RICHMOND, Va. (AP) — Elected officials in North Carolina violated the Constitution by opening meetings with Christian prayers and inviting audience members to join, a federal appeals court ruled Friday in a closely watched case that could end up in the Supreme Court.
The 4th U.S. Circuit Court of Appeals upheld a lower court ruling that found the Rowan County Board of Commissioners' prayer practice to be "unconstitutionally coercive."
The Supreme Court already has ruled that it's appropriate for local clergy to deliver predominantly Christian prayers and town meetings in New York. The question in the Rowan County case was whether it makes a difference that the prayers were given by the commissioners themselves and whether their invitation for the audience to join them in prayer was coercive.
The 4th Circuit, located in Richmond, Virginia, stressed that it's not inherently unconstitutional for lawmakers to lead prayers. But the fact that the Rowan County commissioners were the exclusive prayer givers combined with them consistently invoking one faith and inviting the audience members to participate sent the message that they preferred Christianity above other religions, the court said.
"The principle at stake here may be a profound one, but it is also simple. The Establishment Clause does not permit a seat of government to wrap itself in a single faith," Judge J. Harvie Wilkinson III wrote in the majority opinion that was joined by nine other judges.
Dissenting judges said the majority opinion can't be reconciled with Supreme Court rulings upholding government prayer. Judge Paul Niemeyer said the majority's decision "actively undermines the appropriate role of prayer in American civil life."
"In finding Rowan County's prayer practice unconstitutional, essentially because the prayers were sectarian, the majority's opinion strikes at the very trunk of religion, seeking to outlaw most prayer given in government assemblies, even though such prayer has been an important part of the fabric of our democracy and civic life," he wrote. Four other judges also dissented.
The full 4th Circuit heard the case in March after a divided three-judge panel said Rowan County commissioners had a constitutional right to open meetings with prayers as long as they don't pressure observers to participate.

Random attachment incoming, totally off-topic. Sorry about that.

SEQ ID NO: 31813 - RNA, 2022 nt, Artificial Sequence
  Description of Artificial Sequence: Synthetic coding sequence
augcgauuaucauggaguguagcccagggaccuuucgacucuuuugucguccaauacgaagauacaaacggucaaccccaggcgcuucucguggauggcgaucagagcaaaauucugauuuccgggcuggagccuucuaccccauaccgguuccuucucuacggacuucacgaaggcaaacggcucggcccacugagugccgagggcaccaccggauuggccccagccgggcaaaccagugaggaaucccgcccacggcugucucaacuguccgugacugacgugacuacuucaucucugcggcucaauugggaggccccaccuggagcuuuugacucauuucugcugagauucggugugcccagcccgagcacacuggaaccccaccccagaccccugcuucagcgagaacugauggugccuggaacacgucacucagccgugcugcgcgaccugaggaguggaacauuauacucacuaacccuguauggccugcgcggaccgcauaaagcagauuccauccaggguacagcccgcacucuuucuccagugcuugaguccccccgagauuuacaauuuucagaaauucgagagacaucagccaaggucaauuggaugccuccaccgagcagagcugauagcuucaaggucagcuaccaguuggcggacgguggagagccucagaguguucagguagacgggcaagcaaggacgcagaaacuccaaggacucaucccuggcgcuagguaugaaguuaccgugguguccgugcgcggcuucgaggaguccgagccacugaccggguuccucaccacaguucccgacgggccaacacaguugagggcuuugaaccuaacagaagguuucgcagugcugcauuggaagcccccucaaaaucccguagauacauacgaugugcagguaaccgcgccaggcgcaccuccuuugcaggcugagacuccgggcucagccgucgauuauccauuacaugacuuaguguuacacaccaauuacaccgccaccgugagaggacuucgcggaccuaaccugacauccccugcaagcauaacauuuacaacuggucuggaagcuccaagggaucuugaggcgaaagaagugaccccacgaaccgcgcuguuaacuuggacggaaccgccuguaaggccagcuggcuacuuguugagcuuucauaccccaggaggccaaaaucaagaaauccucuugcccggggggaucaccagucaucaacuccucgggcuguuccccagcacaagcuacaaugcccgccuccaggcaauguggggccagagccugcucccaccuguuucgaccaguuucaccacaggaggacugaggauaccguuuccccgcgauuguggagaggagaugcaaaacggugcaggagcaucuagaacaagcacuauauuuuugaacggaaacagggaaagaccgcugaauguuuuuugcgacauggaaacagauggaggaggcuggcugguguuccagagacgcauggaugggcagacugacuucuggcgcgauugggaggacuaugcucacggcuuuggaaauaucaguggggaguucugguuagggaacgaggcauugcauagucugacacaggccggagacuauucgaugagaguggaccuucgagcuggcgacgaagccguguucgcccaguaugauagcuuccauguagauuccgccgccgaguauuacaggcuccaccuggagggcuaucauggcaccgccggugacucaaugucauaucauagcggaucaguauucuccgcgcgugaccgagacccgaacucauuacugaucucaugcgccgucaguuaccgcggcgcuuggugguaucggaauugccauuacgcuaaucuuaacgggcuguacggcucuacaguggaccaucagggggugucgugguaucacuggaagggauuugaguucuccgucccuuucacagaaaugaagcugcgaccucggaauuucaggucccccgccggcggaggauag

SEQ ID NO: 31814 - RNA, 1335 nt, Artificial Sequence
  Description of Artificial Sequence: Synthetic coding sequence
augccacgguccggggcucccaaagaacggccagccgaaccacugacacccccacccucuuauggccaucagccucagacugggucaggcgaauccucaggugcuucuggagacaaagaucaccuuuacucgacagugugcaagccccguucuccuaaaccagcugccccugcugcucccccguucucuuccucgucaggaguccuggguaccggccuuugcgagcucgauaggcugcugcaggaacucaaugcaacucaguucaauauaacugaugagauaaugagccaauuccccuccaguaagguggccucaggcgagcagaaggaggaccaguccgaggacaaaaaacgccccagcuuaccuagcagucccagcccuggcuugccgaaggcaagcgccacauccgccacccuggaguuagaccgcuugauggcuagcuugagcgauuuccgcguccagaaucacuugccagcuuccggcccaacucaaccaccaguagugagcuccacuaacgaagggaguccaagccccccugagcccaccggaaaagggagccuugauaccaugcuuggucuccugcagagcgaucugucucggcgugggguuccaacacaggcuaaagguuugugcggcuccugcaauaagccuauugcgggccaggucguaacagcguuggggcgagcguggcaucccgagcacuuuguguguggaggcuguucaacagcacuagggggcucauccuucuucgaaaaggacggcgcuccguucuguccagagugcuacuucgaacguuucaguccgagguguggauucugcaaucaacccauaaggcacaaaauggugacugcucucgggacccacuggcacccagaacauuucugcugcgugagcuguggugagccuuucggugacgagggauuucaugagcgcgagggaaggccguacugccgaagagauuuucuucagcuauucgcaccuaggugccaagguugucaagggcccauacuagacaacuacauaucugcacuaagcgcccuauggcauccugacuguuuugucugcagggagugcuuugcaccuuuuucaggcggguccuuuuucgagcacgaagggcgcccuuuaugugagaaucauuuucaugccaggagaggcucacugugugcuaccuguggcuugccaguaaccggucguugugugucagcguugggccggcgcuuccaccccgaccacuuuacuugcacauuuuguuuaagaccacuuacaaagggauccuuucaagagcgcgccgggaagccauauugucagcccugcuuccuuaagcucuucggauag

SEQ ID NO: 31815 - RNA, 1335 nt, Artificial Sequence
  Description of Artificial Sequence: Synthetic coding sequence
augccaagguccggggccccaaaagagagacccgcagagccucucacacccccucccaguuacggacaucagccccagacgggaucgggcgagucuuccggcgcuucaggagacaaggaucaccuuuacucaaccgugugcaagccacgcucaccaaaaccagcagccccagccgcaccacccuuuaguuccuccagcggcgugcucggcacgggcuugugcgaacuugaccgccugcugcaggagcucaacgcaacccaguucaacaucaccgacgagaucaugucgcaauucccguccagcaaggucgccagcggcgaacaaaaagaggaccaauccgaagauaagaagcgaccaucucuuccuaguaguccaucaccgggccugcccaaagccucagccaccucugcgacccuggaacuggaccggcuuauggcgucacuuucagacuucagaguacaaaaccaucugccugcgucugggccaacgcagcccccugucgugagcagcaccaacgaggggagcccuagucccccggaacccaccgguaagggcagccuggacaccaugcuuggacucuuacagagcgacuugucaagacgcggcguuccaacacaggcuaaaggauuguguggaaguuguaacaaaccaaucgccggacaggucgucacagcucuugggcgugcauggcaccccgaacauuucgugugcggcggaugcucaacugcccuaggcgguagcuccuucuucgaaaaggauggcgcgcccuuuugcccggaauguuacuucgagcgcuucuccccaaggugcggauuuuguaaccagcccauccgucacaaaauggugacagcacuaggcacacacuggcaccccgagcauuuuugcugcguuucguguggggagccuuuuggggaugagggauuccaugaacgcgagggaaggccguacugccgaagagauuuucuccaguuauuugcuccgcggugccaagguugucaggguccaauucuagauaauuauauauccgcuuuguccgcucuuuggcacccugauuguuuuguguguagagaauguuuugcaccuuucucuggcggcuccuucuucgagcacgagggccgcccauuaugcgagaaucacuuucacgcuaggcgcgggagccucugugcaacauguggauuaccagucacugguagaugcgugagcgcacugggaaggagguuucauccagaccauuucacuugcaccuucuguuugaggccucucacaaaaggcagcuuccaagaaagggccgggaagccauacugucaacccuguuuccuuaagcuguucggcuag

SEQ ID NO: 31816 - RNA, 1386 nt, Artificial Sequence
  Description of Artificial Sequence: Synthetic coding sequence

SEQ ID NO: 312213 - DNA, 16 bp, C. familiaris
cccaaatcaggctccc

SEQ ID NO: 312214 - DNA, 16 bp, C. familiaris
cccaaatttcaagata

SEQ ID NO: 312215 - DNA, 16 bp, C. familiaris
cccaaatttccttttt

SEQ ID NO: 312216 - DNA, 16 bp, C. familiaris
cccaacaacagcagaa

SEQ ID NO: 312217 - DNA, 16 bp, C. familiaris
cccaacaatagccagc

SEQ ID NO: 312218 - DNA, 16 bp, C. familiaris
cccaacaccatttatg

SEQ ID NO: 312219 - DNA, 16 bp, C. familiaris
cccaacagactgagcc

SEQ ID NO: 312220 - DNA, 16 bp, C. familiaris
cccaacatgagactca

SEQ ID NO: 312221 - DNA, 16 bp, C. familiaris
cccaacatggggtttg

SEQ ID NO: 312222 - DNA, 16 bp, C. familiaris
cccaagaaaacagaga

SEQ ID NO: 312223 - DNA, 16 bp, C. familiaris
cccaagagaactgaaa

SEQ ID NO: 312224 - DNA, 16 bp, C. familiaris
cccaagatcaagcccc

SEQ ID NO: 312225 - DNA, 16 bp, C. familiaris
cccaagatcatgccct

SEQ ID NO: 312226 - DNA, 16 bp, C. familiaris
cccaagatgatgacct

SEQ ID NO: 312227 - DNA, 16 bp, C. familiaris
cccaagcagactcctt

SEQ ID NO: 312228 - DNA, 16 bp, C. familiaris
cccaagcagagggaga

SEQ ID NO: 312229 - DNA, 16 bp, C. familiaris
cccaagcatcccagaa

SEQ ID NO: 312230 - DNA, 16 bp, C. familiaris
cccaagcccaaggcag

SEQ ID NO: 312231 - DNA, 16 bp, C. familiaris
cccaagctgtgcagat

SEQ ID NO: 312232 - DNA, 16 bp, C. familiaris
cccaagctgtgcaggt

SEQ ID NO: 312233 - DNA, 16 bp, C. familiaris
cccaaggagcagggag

The American Civil Liberties Union filed the lawsuit on behalf of non-Christians who say the prayers made them feel excluded and sent the message that the board favored a particular religion.
Attorneys for Rowan County argued that the prayers fell within the bounds of the practice endorsed by the Supreme Court. The commissioners don't force anyone to participate, their attorneys said, noting that people can leave the room or stay seated during the prayer. Since the lower court's decision deemed the prayers unconstitutional, the commission has invited a volunteer chaplain to lead prayer.
Mike Berry of the First Liberty Institute — one of the firms representing the board — said the county will decide whether to appeal and no decision has been made. Berry, deputy general counsel for the group, said he believes the case is ripe for Supreme Court review because it conflicts with the justices' rulings and he was encouraged by the dissenting appeals court judges.
Berry is also involved in a similar case in Michigan. In that case, a divided three-judge panel of the 6th U.S. Circuit Court of Appeals said the Jackson County Board of Commissioners' tradition of Christian-only prayers was unconstitutional. The full 6th Circuit heard arguments in the case last month.
If the two circuits split, the Supreme Court may feel more compelled to take up the issue.
The chairman of the Rowan County didn't immediately respond to an email Friday.
The 4th Circuit said the intimate local board meeting setting, as opposed to a gathering of Congress or state lawmakers, increases the risk that residents would feel coerced to participate in the prayers moments before seeking approval for things such as zoning petitions and permits applications. The judges also found it troubling that the commissioners' prayers sometimes implied that other faiths were "in some way condemned," with messages suggesting that Christianity was "the one and only way to salvation."
ACLU of North Carolina Legal Director Chris Brook, who argued the case, called the ruling a "great victory for the rights of all residents to participate in their local government without fearing discrimination."
"No one in this community should fear being forced by government officials to participate in a prayer, or fear being discriminated against because they didn't participate in a prayer before a meeting for all the public," Nan Lund, one of the residents who brought the case, said in a statement.
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